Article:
Quarrying process in Nigeria involves an open excavation from which useful stone is extracted for building and engineering purposes (Akabzaa and Darimani, 2001). It employs the use of both heavy machines and manual labour (Akanwa et al., 2016 and Akanwa and Ikegbunam, 2017b). The series of operations have been found to be environmentally disruptive and as such result in negative effects as proper siting, design; construction, operation and follow-up monitoring are mostly absent before and after the process (Environmental Guidelines, 1993 and Redmond, 2005).
The traditional opencast quarrying method is commonly used during quarrying operations in most rural areas where operations are carried out (Akanwa et al., 2016). In Nigerian cities, stone quarrying, is executed without regard to surrounding ecosystems and geologic conditions. Hence, they can easily disrupt the balance of wildlife, plant life, and water bodies in the area (Akanwa, 2016, Bamgbose et al, 2014 and Mathu et al, 2003).
Surface mining/quarrying approach is fundamentally prone to alter the essential ecosystem services such as climate regulation, water supply, nutrient cycling, and food production by putting them under pressure (Daily, 1995, Costanza et al., 1997; Howarth, 2002, Kuzuet al, 2011; Berry, Pistocchi, 2003 and Akanwa et al, 2016). Itcan represent a major perturbation to the natural landscape, creating significant impacts on the soil, vegetation, creation of grossly uneven topography, loss of soil fertility, surface crusting and soil erosion, fauna and habitat loss (Sort and Alcaniz 1996, Clemente et al., 2004 and Moreno-Penaranda et al., 2004, Akanwa et al, 2016 and Sharma and Roy 1997).
The environmental losses caused by quarrying activities are also significant in developed countries. For example, Greenpeace International (2010) reported that in United States, between 1930 and 2000, quarrying has altered about 2.4 million hectares (5.9 million acres) of vegetation, most of it originally forest. Further attempts to re-seed land destroyed by quarrying activities are difficult because the process has so thoroughly damaged the soil surface. Obviously, there is a link between quarrying process and a degraded environment in spite of its socio-economic benefits. It can have considerable biological and physical effects especially on the landscape and vegetation (BBC, 2014, Langer, 2002b and Akanwa et al, 2016).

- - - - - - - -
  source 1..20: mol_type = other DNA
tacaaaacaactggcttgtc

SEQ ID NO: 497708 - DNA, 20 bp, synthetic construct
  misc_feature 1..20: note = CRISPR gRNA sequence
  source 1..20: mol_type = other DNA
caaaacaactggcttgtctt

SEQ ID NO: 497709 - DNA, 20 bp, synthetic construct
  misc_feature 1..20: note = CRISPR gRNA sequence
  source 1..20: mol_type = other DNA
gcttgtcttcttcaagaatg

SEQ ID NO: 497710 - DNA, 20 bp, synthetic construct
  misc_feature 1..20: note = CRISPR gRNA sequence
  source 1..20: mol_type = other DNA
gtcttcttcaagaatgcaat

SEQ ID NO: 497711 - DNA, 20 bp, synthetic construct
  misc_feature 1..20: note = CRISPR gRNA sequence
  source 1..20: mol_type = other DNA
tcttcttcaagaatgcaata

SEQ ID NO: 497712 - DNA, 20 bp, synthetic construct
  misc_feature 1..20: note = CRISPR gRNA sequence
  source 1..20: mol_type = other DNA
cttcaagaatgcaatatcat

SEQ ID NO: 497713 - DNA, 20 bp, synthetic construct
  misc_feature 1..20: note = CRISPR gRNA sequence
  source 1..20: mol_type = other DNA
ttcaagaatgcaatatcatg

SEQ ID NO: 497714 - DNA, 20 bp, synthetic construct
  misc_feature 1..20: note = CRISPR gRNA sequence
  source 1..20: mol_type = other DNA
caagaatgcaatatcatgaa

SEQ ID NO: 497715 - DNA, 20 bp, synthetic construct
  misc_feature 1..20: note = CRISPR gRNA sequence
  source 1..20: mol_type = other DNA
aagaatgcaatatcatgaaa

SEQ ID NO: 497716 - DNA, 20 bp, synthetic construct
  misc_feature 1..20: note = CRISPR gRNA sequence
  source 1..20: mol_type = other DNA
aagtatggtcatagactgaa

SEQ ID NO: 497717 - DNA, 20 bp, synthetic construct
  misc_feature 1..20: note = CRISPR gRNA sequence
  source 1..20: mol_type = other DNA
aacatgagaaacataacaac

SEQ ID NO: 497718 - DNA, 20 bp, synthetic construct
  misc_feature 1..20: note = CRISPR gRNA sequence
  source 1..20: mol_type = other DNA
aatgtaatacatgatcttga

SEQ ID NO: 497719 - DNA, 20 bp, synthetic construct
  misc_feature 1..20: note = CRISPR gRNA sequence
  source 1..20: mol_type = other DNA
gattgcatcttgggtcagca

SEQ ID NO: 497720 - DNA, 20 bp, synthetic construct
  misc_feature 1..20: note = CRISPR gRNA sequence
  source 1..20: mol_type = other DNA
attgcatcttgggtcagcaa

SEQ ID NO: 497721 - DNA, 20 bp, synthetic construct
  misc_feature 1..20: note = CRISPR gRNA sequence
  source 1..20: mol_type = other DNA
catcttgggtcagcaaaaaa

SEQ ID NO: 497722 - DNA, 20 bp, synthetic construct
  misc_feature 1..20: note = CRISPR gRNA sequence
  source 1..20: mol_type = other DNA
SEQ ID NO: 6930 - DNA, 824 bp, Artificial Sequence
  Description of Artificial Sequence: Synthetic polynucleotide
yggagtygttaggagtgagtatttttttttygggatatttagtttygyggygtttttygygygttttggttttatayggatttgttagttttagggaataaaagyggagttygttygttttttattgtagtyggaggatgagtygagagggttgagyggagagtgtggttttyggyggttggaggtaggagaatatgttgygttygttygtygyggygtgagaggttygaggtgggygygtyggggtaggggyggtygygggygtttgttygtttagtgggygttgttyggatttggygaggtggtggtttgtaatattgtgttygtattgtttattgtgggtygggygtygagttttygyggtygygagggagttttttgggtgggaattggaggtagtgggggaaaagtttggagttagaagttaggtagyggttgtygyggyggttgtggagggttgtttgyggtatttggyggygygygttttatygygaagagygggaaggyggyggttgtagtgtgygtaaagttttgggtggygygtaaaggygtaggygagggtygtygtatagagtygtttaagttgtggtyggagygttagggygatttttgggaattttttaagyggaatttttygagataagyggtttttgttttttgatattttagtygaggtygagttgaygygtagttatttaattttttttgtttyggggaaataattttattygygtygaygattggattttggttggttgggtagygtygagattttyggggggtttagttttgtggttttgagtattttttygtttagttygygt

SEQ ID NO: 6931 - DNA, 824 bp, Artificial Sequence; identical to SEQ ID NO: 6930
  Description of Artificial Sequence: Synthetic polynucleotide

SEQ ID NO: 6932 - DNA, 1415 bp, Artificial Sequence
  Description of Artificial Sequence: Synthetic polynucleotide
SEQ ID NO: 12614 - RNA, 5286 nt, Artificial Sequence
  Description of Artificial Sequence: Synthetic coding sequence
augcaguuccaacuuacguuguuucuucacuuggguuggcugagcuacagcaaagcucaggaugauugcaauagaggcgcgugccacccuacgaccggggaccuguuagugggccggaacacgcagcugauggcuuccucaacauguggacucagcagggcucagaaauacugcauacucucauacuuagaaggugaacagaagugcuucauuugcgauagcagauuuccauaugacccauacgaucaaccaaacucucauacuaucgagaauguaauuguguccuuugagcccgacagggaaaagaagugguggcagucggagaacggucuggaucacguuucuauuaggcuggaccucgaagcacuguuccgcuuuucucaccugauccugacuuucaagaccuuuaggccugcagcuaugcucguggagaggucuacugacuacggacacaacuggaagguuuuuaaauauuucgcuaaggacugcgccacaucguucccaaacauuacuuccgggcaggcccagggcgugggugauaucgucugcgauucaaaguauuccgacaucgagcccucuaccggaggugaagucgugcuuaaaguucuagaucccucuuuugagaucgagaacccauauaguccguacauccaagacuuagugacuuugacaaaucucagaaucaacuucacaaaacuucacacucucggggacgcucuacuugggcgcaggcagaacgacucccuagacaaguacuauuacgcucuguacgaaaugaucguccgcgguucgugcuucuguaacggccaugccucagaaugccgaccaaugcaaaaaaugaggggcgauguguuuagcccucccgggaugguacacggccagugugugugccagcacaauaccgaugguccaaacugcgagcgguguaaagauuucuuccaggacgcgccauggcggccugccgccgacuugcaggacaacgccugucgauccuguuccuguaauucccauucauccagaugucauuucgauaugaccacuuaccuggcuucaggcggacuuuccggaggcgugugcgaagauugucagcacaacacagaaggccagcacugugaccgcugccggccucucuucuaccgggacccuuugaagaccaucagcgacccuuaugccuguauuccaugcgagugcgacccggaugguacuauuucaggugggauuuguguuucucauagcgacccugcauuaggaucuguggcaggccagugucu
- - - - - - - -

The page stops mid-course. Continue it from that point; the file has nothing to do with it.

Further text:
In order for human civilization to continue we need the retrieval of resources from quarries for urban development and industrial production (Langer, 2001). Clearly, a balance is required in quarry exploitation by the application of best practices which is in line with the principles of sustainable development. This concern over resource exploitation, scarcity and economic development posed by the capacities of natural environment go back to about 200 years (Morgan, 2008).
Sustainable Approach to Aggregates (SARM, 2011) indicated that environmentally, for a quarry to contribute to sustainable development, it must abandon ad hoc approaches to environmental management, and adopt a more proactive and preventive stance. Unfortunately, the present approaches administered in quarrying operation has made a number of critical environmental issues and obstacles to become inadequately addressed in Nigerian quarrying industry (Minerals Commission, 2001 and Bamgboseet al 2014).
Huge environmental problems continued to become prominent in areas where such resources were quarried. These communities most times become the poorest and most unhealthy areas, income and wealth inequalities, unequal access to affordable housing and healthcare, degraded landscapes, noise pollution, air pollution, ground vibrations, air pollution, lack of amenities and infrastructures and loss of farmlands, vegetation and arable lands (Akanwa, 2016, Akanwa et al, 2017a, Okeet al; 2010; Lameed et al. 2008, Chaoji, 2009, Jegede, et al., 2011; Mallo, 2012).
Majority of these environmental problems are escalated by certain factors that affect the way aggregates are explored in the country. First of all, the general perception of the quarry industry in the country is flawed as it is approached mainly as a money making venture without taking sustainable considerations on the environment, human health and wellbeing. This ultimately affects the quarry operations from inception till the resources are fully depleted leaving behind quarry pits and a polluted surrounding (Akanwa, 2017b). Majority of these problems are traceable to many factors. Drawing from the studies mentioned above illegal quarry practices, increased population demand and lack of enforcement of regulations and laws are major challenges in Nigeria.
In Nigeria illegal quarrying operations continue to be a threat to the development of the nation’s economy. These illegal operations tend to undermine the goals of sustainable development (Rogers, et al, 2007). As these operations are carried out by quarrying firms in ways that not in compliance with the Nigerian Minerals and Metal Act, Mining regulations and other extant laws such as that of the council of Nigerian Mining Engineers and Geoscientists (COMEG). To buttress this, Ruth (2014) has revealed that over 600 licenses had been revoked due to non compliance with the guiding laws on the mineral and mining sector, adding that the Federal government was set to shut down mining operations that do not conform to these regulations.